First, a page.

RED SONJA #15, available from Dynamite on May 20, picks up immediately after the events of last issue (read the issue #14 review here). Sonja must decide to either abdicate her throne to serve the man who murdered her mentor, or watch her people starve. Her choice isn’t easy, and the consequences may be more dire than she realizes.
Jae Lee paints a mesmerizing cover for this issue. There’s a whimsical quality to Jae Lee’s art that’s very reminiscent to Mike Mignola with respect to anatomy. The proportions for Sonja are misshapen in an almost dreamlike way. Where Mignola’s renditions are blocky and coarse, Lee’s paintings are dream-like and sharp. Lee’s cover is masterful work.
Writing [No Spoilers]
Mark Russell continues Queen Sonja’s story from the last issue, and he uses flashbacks to help her make a tough moral choice. Sonja’s past adventures, which ultimately caused some deaths, teach her how to balance the cost of life with the cost of death. Her choice isn’t one she takes or makes lightly. and past enemies seize the opportunity to pounce as soon as the decision is made.
Russell infused more action in this issue, and Sonja’s battle skills are on full display. However, the action didn’t take away from the progress of the story, and it nicely set up the conflict for future issue.
If there’s one area where Russell’s writing didn’t 100% work, it’s in the dialog. There were a few spots where the phrasing was too modern for the culture and the setting. These characters are in the middle dark ages and represent a diverse range of barbaric cultures. The last thing you expect to read is the Queen’s steward saying “Damn, we really are poor, aren’t we?” It’s a minor critique, but I felt pulled out of the story when those bits of modern vernacular sporadically popped up.
Bob Q turns in another satisfying issue. Beyond the core story, Sonja’s flashback foreshadows a conflict that comes to a head in present day. Although that thread is written by Russell, Q peppers in the visage of a bull’s head in all the right spots to catch your eye and connect the dots. Q’s work is clever and adds layers to this book.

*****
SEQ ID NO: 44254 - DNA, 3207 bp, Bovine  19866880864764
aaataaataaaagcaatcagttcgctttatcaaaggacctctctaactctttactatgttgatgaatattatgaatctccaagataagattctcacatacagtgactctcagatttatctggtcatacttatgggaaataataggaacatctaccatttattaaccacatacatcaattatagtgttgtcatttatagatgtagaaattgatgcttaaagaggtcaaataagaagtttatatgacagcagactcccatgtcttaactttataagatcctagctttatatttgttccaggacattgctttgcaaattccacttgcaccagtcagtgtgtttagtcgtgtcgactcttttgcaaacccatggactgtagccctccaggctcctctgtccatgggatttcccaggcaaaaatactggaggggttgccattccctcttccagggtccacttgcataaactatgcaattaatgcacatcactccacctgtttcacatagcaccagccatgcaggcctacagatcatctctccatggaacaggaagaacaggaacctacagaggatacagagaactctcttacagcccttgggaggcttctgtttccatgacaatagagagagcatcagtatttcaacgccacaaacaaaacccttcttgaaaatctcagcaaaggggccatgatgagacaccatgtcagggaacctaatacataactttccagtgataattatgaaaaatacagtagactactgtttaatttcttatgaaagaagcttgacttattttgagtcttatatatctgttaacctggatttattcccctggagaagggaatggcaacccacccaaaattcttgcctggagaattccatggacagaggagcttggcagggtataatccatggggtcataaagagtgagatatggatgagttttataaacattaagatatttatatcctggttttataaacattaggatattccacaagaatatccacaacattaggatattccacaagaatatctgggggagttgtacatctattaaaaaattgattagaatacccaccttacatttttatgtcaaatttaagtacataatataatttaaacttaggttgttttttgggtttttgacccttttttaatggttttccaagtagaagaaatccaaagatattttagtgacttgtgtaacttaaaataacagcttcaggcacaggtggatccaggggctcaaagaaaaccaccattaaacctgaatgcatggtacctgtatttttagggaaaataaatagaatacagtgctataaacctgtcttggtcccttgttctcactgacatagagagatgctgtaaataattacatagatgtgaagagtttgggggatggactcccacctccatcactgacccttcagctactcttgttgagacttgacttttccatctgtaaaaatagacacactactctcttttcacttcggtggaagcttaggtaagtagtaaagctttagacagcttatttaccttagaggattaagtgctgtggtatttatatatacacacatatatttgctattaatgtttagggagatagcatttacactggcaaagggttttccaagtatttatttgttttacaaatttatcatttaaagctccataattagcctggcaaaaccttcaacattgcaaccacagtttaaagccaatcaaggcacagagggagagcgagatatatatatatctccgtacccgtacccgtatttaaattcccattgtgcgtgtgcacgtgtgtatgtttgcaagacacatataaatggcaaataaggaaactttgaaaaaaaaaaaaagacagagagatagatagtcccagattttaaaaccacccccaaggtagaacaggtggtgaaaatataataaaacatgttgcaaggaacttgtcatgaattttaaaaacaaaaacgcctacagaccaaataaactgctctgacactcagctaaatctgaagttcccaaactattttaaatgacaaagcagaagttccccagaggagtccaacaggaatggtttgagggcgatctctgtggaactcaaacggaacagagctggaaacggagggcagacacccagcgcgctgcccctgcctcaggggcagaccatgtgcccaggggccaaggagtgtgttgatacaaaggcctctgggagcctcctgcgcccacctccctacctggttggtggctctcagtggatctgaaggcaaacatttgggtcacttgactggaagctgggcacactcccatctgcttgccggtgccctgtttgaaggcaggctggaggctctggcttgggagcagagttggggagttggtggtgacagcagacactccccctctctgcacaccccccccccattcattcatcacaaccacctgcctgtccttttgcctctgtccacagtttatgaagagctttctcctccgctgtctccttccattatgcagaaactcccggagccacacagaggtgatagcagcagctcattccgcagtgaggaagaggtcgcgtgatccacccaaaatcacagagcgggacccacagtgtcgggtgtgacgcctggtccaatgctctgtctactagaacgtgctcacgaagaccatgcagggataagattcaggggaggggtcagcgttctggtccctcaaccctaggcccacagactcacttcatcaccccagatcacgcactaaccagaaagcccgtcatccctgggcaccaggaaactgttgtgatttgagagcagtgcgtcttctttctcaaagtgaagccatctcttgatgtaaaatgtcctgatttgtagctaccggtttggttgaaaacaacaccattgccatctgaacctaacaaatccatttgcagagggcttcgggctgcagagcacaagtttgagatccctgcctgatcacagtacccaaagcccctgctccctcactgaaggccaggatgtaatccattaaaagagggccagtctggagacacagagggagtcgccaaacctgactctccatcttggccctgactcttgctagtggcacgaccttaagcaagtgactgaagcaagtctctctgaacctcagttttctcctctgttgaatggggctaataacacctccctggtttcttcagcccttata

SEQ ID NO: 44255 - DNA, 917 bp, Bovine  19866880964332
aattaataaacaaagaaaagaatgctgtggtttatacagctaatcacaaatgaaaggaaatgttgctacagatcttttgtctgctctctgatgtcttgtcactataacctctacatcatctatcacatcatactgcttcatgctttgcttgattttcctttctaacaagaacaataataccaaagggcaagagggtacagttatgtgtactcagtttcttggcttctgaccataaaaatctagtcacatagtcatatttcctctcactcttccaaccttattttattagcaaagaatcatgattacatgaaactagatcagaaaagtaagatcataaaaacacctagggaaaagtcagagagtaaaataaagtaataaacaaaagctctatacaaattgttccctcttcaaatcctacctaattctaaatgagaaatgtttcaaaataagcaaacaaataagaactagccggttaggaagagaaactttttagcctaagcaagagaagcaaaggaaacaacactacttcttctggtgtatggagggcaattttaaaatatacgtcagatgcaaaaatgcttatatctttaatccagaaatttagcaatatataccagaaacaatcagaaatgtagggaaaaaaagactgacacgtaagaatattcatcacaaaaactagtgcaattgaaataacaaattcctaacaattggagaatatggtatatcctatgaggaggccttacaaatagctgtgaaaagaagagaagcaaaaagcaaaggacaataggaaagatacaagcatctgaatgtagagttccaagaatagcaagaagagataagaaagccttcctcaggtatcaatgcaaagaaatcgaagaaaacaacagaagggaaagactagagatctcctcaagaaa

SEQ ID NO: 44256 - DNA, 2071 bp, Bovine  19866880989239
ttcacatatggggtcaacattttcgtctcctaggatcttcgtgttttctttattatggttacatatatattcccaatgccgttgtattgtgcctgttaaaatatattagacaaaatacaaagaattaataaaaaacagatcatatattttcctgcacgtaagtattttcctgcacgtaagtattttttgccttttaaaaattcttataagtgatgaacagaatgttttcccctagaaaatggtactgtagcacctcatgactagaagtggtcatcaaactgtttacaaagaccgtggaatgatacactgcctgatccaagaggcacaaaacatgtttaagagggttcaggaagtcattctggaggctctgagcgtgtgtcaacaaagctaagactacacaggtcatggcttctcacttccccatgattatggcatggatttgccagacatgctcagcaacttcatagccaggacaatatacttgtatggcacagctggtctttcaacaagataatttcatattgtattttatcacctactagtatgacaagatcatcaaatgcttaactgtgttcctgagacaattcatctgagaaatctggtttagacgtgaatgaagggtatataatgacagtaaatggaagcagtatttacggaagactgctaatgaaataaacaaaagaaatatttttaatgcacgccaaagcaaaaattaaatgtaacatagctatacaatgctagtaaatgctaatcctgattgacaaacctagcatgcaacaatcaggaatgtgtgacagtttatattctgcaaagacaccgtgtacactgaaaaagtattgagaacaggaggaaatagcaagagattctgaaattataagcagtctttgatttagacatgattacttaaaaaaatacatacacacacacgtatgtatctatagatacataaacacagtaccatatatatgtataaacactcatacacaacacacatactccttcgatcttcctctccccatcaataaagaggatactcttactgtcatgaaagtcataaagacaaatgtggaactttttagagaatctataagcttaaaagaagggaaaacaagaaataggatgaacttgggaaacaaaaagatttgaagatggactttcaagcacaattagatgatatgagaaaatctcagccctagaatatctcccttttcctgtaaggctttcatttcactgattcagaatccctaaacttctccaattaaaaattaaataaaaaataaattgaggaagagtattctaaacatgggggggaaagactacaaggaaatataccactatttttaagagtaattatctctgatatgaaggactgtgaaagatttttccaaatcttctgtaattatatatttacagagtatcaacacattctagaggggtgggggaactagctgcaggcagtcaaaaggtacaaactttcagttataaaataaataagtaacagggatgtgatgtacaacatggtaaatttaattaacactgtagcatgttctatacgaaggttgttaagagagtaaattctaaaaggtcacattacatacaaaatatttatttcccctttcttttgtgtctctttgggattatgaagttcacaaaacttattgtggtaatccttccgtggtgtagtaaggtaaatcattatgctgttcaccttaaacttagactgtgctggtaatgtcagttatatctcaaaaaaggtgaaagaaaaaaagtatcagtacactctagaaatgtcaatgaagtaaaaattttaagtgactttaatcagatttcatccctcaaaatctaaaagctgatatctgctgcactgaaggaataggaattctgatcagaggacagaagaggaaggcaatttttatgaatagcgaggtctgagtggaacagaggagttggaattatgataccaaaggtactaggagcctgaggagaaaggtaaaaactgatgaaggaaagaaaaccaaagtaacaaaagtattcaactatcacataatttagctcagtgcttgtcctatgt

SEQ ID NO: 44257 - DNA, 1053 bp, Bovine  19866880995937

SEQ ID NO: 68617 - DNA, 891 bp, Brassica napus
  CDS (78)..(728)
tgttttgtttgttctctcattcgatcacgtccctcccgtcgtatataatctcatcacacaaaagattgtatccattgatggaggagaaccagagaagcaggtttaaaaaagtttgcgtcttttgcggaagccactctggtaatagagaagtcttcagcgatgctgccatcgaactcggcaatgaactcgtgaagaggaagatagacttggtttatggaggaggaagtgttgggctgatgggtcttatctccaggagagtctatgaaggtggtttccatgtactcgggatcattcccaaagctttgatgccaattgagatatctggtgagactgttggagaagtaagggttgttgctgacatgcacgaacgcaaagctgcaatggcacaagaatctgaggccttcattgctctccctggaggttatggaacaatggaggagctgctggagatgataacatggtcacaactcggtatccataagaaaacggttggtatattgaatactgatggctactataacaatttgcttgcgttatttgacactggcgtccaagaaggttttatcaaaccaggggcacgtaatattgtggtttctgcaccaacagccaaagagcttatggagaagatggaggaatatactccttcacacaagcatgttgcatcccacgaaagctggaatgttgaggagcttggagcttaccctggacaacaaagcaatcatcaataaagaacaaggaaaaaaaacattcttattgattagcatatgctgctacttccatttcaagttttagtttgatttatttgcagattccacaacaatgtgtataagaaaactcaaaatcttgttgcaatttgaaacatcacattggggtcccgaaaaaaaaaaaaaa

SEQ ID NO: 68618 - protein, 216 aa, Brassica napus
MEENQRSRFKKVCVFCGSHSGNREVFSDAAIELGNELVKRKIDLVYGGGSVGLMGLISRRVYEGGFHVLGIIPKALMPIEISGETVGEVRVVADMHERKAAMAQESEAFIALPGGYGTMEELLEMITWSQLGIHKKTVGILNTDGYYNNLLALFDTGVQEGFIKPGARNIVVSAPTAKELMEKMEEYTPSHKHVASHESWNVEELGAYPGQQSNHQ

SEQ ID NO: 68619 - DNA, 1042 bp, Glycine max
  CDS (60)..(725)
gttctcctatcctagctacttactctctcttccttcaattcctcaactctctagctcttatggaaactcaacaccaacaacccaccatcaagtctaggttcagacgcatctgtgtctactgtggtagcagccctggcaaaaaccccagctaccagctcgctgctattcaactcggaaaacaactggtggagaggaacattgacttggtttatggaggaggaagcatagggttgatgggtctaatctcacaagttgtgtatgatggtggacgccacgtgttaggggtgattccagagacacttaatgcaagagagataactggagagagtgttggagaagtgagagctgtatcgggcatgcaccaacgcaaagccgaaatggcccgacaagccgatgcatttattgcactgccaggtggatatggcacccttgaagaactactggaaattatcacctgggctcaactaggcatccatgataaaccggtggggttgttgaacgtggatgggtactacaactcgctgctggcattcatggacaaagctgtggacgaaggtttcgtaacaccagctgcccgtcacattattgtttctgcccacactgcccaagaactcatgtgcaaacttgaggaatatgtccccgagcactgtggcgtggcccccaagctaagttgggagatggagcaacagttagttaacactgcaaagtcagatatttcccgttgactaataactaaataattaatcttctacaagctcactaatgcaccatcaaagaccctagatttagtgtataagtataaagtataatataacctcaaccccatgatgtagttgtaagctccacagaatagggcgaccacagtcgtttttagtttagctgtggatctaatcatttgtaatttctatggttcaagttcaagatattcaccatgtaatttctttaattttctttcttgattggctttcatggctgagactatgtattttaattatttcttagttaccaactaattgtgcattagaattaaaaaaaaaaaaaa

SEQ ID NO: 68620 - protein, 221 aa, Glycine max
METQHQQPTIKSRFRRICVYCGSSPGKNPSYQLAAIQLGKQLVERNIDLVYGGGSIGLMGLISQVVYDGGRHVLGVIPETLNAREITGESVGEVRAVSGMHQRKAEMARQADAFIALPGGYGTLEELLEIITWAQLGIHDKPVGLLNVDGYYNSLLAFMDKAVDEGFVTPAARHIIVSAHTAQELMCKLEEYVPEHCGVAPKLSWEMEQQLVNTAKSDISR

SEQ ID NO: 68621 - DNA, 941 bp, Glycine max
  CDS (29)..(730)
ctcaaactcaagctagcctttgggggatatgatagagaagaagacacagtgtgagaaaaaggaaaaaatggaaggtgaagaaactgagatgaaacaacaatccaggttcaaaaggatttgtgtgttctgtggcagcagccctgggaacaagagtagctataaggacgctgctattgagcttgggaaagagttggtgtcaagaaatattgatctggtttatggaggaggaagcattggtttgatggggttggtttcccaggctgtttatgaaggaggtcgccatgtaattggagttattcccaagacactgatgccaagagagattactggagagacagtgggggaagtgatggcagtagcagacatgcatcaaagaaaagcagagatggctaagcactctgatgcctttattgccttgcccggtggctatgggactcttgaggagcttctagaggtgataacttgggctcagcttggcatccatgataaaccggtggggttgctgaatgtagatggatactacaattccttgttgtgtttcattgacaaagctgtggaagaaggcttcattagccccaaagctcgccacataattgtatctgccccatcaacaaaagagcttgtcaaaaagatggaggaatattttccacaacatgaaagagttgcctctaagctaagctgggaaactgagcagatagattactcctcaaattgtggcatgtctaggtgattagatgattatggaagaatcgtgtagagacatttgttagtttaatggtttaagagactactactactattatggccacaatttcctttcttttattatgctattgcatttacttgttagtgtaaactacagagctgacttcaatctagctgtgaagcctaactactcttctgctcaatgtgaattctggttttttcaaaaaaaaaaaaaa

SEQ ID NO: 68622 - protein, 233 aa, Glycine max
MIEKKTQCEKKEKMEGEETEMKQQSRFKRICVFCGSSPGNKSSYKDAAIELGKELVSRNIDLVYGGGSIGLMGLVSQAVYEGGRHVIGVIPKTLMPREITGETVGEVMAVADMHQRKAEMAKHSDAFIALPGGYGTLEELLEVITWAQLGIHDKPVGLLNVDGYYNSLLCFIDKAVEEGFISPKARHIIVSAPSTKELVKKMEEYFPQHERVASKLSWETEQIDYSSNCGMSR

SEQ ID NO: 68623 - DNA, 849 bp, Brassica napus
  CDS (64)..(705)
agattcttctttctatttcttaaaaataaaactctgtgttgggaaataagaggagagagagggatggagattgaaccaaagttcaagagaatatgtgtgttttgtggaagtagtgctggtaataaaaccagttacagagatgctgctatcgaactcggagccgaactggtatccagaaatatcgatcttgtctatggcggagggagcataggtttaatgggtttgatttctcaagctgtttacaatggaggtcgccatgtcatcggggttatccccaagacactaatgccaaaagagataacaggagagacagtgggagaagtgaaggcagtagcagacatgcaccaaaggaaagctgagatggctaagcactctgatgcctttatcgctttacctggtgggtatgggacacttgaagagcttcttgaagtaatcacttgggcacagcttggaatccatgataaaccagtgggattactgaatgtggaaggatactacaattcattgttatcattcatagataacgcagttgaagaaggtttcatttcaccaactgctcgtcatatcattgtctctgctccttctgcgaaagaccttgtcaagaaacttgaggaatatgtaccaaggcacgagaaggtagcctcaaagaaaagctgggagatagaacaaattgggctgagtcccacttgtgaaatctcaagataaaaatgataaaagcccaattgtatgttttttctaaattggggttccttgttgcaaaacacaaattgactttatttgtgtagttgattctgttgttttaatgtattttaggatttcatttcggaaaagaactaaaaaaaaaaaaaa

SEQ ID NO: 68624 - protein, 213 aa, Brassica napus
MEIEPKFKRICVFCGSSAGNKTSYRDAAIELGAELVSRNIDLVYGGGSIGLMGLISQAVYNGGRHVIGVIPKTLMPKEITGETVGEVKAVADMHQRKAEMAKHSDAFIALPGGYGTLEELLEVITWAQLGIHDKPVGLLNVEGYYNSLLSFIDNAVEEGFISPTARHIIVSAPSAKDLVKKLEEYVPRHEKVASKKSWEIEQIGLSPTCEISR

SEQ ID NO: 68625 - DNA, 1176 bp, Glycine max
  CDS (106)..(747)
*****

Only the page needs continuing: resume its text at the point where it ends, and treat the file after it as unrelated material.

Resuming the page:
Dearbhla Kelly turns in expert coloring work for this issue. Since a significant chunk of the story relates to flashbacks, Kelly adds an opaque filter to help the reader move through the time jumps and keep the events straight in terms of linear storytelling; all done with color. Kelly adds a nice signature by popping Sonja’s red hair just a little more than the surroundings during the flashbacks for visual interest. Really great job by Kelly.
Hassan Otsmane-Elhaou does great work here with the lettering. The font is bold and easy to read. There’s no trace of clutter in any of the panels, which is especially impressive since the story is more dialog driven. Otsmane-Elhaou is particularly adept at panel transitions where the visual focus moves from the speaker to an object and the dialog follows. Those seamless transitions keep the story flowing without a skip or stutter in the reading experience. Nicely done by Otsmane-Elhaou.
RED SONJA #15 keeps the reader interested in the crimson-haired warrior as she struggles with problems that can’t be solved with a sword. The story is engaging, the art team turned out top-notch work, and I’m on board to see what happens next in this volume.
Author’s Note: Local Comic Shops (LCS) are going through a tough time right now with the pandemic outbreak of COVID-19. Comics fans of every flavor that care about his or her LCS should try to do what they can. So, here’s my part:
If you’re in Northern Delaware, South East Pennsylvania, or Southern New Jersey area, please take a moment to visit Captain Blue Hen Comics in Newark, DE. Say ‘hi,’ pick up a book, order a book (they’re on Comichub.com), and let them know you support them.
If you’re nowhere near that area, please find YOUR LCS using Comic Shop Locator and lend your support.
Thanks, and stay safe.